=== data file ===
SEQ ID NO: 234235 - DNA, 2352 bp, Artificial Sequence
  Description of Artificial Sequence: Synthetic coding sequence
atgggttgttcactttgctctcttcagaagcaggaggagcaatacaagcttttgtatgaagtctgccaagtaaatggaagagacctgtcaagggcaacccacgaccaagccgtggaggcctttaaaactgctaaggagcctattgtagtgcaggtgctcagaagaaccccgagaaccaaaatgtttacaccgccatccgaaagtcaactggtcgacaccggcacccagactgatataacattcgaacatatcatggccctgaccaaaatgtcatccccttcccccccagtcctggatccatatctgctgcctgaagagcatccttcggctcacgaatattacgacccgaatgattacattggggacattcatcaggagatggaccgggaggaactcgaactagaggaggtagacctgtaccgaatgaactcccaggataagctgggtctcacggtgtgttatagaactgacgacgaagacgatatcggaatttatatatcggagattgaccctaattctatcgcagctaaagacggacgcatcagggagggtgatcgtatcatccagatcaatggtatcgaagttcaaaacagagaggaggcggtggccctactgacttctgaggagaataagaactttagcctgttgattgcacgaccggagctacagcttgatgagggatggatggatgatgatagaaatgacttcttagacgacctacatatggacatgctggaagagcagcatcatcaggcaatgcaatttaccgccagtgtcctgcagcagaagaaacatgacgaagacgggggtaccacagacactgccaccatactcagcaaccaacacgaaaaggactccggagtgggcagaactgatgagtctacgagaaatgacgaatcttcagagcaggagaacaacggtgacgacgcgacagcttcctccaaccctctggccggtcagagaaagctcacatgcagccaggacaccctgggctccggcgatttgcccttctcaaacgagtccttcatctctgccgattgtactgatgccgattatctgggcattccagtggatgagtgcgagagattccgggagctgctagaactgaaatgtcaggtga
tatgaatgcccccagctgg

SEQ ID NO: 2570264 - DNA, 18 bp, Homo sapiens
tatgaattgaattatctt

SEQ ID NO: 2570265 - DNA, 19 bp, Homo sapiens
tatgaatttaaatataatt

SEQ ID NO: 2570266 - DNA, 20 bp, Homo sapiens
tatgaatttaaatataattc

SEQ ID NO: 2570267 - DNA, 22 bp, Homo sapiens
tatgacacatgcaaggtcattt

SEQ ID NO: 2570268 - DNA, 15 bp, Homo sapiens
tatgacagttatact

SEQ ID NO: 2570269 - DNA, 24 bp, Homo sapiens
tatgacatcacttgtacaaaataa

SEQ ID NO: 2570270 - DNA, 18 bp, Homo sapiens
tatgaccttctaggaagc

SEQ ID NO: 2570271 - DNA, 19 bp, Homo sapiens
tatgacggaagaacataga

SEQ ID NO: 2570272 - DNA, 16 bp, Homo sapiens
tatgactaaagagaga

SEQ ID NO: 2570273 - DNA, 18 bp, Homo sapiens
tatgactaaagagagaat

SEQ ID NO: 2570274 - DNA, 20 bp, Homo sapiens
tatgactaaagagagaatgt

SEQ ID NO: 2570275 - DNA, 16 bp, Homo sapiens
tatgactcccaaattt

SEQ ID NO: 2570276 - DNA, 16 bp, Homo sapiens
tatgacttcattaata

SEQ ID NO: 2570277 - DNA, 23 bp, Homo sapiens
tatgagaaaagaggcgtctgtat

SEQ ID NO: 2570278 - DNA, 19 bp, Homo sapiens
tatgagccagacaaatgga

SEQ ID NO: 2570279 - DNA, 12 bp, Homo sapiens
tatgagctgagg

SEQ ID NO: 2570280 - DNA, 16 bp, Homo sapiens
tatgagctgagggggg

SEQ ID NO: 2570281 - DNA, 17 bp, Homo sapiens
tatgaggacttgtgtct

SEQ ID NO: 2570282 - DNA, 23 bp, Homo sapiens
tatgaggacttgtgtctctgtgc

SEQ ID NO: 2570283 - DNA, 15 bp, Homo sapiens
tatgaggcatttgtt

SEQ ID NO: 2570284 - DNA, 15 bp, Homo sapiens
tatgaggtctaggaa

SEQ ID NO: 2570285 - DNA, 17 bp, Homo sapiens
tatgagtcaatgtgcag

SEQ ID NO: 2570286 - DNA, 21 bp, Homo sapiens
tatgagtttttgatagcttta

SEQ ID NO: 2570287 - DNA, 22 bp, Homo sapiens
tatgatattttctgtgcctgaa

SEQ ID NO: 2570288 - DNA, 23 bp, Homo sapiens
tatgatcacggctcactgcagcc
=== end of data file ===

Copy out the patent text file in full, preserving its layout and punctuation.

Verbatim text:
SEQ ID NO: 234235 - DNA, 2352 bp, Artificial Sequence
  Description of Artificial Sequence: Synthetic coding sequence
atgggttgttcactttgctctcttcagaagcaggaggagcaatacaagcttttgtatgaagtctgccaagtaaatggaagagacctgtcaagggcaacccacgaccaagccgtggaggcctttaaaactgctaaggagcctattgtagtgcaggtgctcagaagaaccccgagaaccaaaatgtttacaccgccatccgaaagtcaactggtcgacaccggcacccagactgatataacattcgaacatatcatggccctgaccaaaatgtcatccccttcccccccagtcctggatccatatctgctgcctgaagagcatccttcggctcacgaatattacgacccgaatgattacattggggacattcatcaggagatggaccgggaggaactcgaactagaggaggtagacctgtaccgaatgaactcccaggataagctgggtctcacggtgtgttatagaactgacgacgaagacgatatcggaatttatatatcggagattgaccctaattctatcgcagctaaagacggacgcatcagggagggtgatcgtatcatccagatcaatggtatcgaagttcaaaacagagaggaggcggtggccctactgacttctgaggagaataagaactttagcctgttgattgcacgaccggagctacagcttgatgagggatggatggatgatgatagaaatgacttcttagacgacctacatatggacatgctggaagagcagcatcatcaggcaatgcaatttaccgccagtgtcctgcagcagaagaaacatgacgaagacgggggtaccacagacactgccaccatactcagcaaccaacacgaaaaggactccggagtgggcagaactgatgagtctacgagaaatgacgaatcttcagagcaggagaacaacggtgacgacgcgacagcttcctccaaccctctggccggtcagagaaagctcacatgcagccaggacaccctgggctccggcgatttgcccttctcaaacgagtccttcatctctgccgattgtactgatgccgattatctgggcattccagtggatgagtgcgagagattccgggagctgctagaactgaaatgtcaggtga
tatgaatgcccccagctgg

SEQ ID NO: 2570264 - DNA, 18 bp, Homo sapiens
tatgaattgaattatctt

SEQ ID NO: 2570265 - DNA, 19 bp, Homo sapiens
tatgaatttaaatataatt

SEQ ID NO: 2570266 - DNA, 20 bp, Homo sapiens
tatgaatttaaatataattc

SEQ ID NO: 2570267 - DNA, 22 bp, Homo sapiens
tatgacacatgcaaggtcattt

SEQ ID NO: 2570268 - DNA, 15 bp, Homo sapiens
tatgacagttatact

SEQ ID NO: 2570269 - DNA, 24 bp, Homo sapiens
tatgacatcacttgtacaaaataa

SEQ ID NO: 2570270 - DNA, 18 bp, Homo sapiens
tatgaccttctaggaagc

SEQ ID NO: 2570271 - DNA, 19 bp, Homo sapiens
tatgacggaagaacataga

SEQ ID NO: 2570272 - DNA, 16 bp, Homo sapiens
tatgactaaagagaga

SEQ ID NO: 2570273 - DNA, 18 bp, Homo sapiens
tatgactaaagagagaat

SEQ ID NO: 2570274 - DNA, 20 bp, Homo sapiens
tatgactaaagagagaatgt

SEQ ID NO: 2570275 - DNA, 16 bp, Homo sapiens
tatgactcccaaattt

SEQ ID NO: 2570276 - DNA, 16 bp, Homo sapiens
tatgacttcattaata

SEQ ID NO: 2570277 - DNA, 23 bp, Homo sapiens
tatgagaaaagaggcgtctgtat

SEQ ID NO: 2570278 - DNA, 19 bp, Homo sapiens
tatgagccagacaaatgga

SEQ ID NO: 2570279 - DNA, 12 bp, Homo sapiens
tatgagctgagg

SEQ ID NO: 2570280 - DNA, 16 bp, Homo sapiens
tatgagctgagggggg

SEQ ID NO: 2570281 - DNA, 17 bp, Homo sapiens
tatgaggacttgtgtct

SEQ ID NO: 2570282 - DNA, 23 bp, Homo sapiens
tatgaggacttgtgtctctgtgc

SEQ ID NO: 2570283 - DNA, 15 bp, Homo sapiens
tatgaggcatttgtt

SEQ ID NO: 2570284 - DNA, 15 bp, Homo sapiens
tatgaggtctaggaa

SEQ ID NO: 2570285 - DNA, 17 bp, Homo sapiens
tatgagtcaatgtgcag

SEQ ID NO: 2570286 - DNA, 21 bp, Homo sapiens
tatgagtttttgatagcttta

SEQ ID NO: 2570287 - DNA, 22 bp, Homo sapiens
tatgatattttctgtgcctgaa

SEQ ID NO: 2570288 - DNA, 23 bp, Homo sapiens
tatgatcacggctcactgcagcc